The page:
The importance of risk assessments
In this blog, I share why risk assessments are business continuity critical. I recently spoke to a colleague I respect highly about the essential aspects of business continuity. We started to talk about how each of us viewed assets as they related to risk management. From her perspective, assets are the customers or stakeholders in the business operations. However, I took another stand, stating that we should include office sites as an asset from a business continuity perspective.
She disagreed. Instead, her argument doubled down that a business continuity program should not focus on locations as assets. Instead, she countered that it was the role of security to safeguard offices from a threat perspective. I completely respect her opinion, which stems from a risk management focus. However, we know that identifying risks that can adversely affect a company’s resources or reputation is vital to planning.
Risks assessments fuel better BC practices
For many of you, this is not news. DRI International’s Professional Practices calls out a risk assessment as a business continuity objective. Assessing risks to determine the potential impacts to an enterprise enables a company to determine the most effective use of resources to reduce the possible effects. Of course, ISO 22301 speaks to the importance of addressing risks as well. I also agree that security has a crucial role in threat assessment and protecting a company’s property.
So why am I bringing it up? My fellow practitioner came from a risk orientation to business continuity, while I took a more traditional route. By that I mean, my orientation was COOP, and I completed DRI International’s certification process to jump into BC. As we think about the role of operational resilience and its evolving impact on business continuity practice, it is essential to consider the part of risk management. In most situations, I hear that risk and business continuity get partnered to complete the work. Yet, to my mind, business continuity is incomplete without a robust risk assessment component to fuel the maturity of a strong program.
BC protects life, property and the environment
The reason that risk assessments are business continuity critical is that they help create a resilient organization. A well-conducted risk assessment is the building block to an effective BIA and subsequent plan. Without it, you have a boilerplate continuity plan that is missing insights for crisis response. You may know what functions and locations are impacted but will miss opportunities to understand the impacts fully.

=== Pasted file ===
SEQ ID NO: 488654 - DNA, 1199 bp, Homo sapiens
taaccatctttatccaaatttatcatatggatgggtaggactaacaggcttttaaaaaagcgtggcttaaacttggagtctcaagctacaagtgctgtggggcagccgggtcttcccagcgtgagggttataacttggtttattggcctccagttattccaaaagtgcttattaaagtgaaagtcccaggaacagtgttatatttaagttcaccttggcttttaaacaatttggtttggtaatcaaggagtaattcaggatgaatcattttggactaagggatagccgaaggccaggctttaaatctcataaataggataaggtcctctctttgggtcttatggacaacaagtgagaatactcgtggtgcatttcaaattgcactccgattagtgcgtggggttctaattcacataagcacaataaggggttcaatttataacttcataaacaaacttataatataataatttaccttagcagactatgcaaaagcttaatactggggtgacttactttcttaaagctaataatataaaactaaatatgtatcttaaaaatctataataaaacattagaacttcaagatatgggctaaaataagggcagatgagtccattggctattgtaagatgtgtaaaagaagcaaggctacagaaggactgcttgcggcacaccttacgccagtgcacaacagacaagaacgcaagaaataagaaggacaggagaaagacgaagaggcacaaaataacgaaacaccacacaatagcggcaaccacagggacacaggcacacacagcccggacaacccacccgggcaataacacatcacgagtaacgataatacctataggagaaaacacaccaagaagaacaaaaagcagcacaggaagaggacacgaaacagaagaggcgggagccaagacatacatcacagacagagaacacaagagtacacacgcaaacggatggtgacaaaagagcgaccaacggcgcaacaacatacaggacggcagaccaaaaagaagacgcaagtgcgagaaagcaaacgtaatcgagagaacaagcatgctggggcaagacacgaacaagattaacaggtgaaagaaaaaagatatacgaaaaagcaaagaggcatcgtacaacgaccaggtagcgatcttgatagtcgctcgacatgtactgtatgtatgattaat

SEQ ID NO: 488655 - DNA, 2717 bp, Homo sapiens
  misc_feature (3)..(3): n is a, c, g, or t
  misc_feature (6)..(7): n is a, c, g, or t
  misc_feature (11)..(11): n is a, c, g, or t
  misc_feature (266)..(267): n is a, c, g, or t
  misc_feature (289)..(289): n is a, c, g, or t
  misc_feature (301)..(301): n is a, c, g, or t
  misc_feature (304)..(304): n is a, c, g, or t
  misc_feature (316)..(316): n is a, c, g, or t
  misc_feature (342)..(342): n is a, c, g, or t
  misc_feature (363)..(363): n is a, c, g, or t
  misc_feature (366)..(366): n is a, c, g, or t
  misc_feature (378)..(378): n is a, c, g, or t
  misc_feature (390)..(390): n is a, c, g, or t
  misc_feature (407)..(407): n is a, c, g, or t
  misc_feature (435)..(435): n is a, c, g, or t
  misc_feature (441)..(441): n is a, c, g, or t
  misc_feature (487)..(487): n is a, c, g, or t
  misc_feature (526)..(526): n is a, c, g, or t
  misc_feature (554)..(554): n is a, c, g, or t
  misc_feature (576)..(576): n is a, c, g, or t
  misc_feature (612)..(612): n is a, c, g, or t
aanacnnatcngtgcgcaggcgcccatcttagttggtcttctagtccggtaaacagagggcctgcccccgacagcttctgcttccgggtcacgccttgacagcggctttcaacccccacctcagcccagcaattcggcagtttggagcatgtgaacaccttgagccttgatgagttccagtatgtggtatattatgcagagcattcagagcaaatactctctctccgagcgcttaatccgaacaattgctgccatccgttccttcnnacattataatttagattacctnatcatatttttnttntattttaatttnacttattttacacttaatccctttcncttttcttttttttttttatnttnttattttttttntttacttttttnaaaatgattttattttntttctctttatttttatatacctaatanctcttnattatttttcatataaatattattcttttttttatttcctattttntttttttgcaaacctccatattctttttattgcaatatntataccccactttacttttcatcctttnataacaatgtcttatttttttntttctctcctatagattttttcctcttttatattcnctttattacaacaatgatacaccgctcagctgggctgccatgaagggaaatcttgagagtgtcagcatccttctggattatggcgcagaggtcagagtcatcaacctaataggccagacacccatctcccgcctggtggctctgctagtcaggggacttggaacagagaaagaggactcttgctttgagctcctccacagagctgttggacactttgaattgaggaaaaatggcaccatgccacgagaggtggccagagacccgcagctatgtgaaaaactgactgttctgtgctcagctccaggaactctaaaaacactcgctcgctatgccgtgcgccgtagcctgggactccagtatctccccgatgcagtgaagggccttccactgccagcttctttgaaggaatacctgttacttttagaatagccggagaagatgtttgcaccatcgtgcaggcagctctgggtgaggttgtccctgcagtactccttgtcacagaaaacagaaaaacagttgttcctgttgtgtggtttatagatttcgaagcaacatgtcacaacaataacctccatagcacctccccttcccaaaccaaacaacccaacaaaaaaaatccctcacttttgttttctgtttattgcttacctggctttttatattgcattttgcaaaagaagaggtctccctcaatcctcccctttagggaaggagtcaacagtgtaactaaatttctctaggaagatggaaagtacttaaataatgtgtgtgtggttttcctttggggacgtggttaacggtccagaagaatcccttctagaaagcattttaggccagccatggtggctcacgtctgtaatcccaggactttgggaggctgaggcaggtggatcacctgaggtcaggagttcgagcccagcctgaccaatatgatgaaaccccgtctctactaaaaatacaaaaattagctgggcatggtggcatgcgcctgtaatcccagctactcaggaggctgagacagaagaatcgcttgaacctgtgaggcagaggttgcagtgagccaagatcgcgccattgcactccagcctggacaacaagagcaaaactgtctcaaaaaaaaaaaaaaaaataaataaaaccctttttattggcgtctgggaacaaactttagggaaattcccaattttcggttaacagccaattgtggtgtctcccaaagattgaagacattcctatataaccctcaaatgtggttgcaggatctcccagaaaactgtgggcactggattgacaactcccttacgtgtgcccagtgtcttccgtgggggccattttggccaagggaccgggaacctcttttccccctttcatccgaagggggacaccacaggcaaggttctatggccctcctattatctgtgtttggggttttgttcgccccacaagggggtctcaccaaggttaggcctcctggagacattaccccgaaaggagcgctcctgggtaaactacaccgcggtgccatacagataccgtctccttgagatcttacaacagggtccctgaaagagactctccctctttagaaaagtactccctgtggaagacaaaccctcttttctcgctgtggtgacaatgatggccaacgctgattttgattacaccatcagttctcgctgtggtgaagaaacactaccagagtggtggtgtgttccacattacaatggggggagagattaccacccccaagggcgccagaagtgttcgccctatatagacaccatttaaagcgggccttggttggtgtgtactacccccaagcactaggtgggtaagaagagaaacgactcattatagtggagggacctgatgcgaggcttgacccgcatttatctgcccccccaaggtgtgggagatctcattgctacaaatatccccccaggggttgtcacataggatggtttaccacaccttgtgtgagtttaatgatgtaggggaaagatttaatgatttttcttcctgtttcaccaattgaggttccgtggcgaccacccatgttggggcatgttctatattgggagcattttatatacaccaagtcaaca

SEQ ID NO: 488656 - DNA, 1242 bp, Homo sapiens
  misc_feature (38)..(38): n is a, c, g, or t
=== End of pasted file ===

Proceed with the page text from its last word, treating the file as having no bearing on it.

More importantly, the planning will not adequately protect life, property, and the business environment because it lacks the situational awareness vital to effective crisis response. The continuity plans will only ever get to the level of addressing risk concerns instead of providing measurable and targeted penetration into an asset’s risk quotient (RQ). By employing the RQ method, you identify risk quantitatively. Taking this approach estimates exposure and its effects. You want to strive for data that highlights the adverse impact on processes, personnel, and operations from an interruption.
Risk analayis leads to effective controls
We know that identifying threats and hazards can mitigate business impacts from an interruption. Neither my colleague nor I disagreed on that. Where we diverged was on how to build a resilient organization. I get her point when location loss is less critical to operations in the emerging COVID next normal landscape. Yet, I believe we still need to consider locations as assets that require careful assessment with a solid risk approach. Most of our people are still tied to offices or connected in some way to our locations. So, facility and regional assessments are valuable.
As I shared in previous blogs, my take is that business continuity goes beyond having a plan. A risk assessment helps us understand existing exposure and builds increased resiliency. Trending business risks include business interruption, supply chain instability, cybercrime, reputational, and market risks. A risk analysis links the business impact data with an understanding of operational activities. With a resilience approach, you need to catalog all aspects of potential trouble to enable adequate controls.
Assets are locations
How, then, do we navigate to the next normal for business continuity? You may know that a few of my fellow practitioners and I in the Resilience Think Tank (RTT) are actively expressing how you articulate value as a business continuity professional. One way to do this is by not losing sight of core fundamentals while continuing to evolve. Prevention is an aspect of building a solid BC foundation.
Resilience is a C-Suite priority, and boards invest in business stability. To thrive, companies need to know their exposures from all angles. From my experience, this includes a continued element of horizon scanning and risk analysis. A thorough assessment for business continuity must continue to have full consideration of all risk types, including facility assets. An asset is any value item to the company, and real estate is still in that bucket for most organizations. So, having BC at the operational resilience table ensures a continued holistic approach of all impact types and criteria.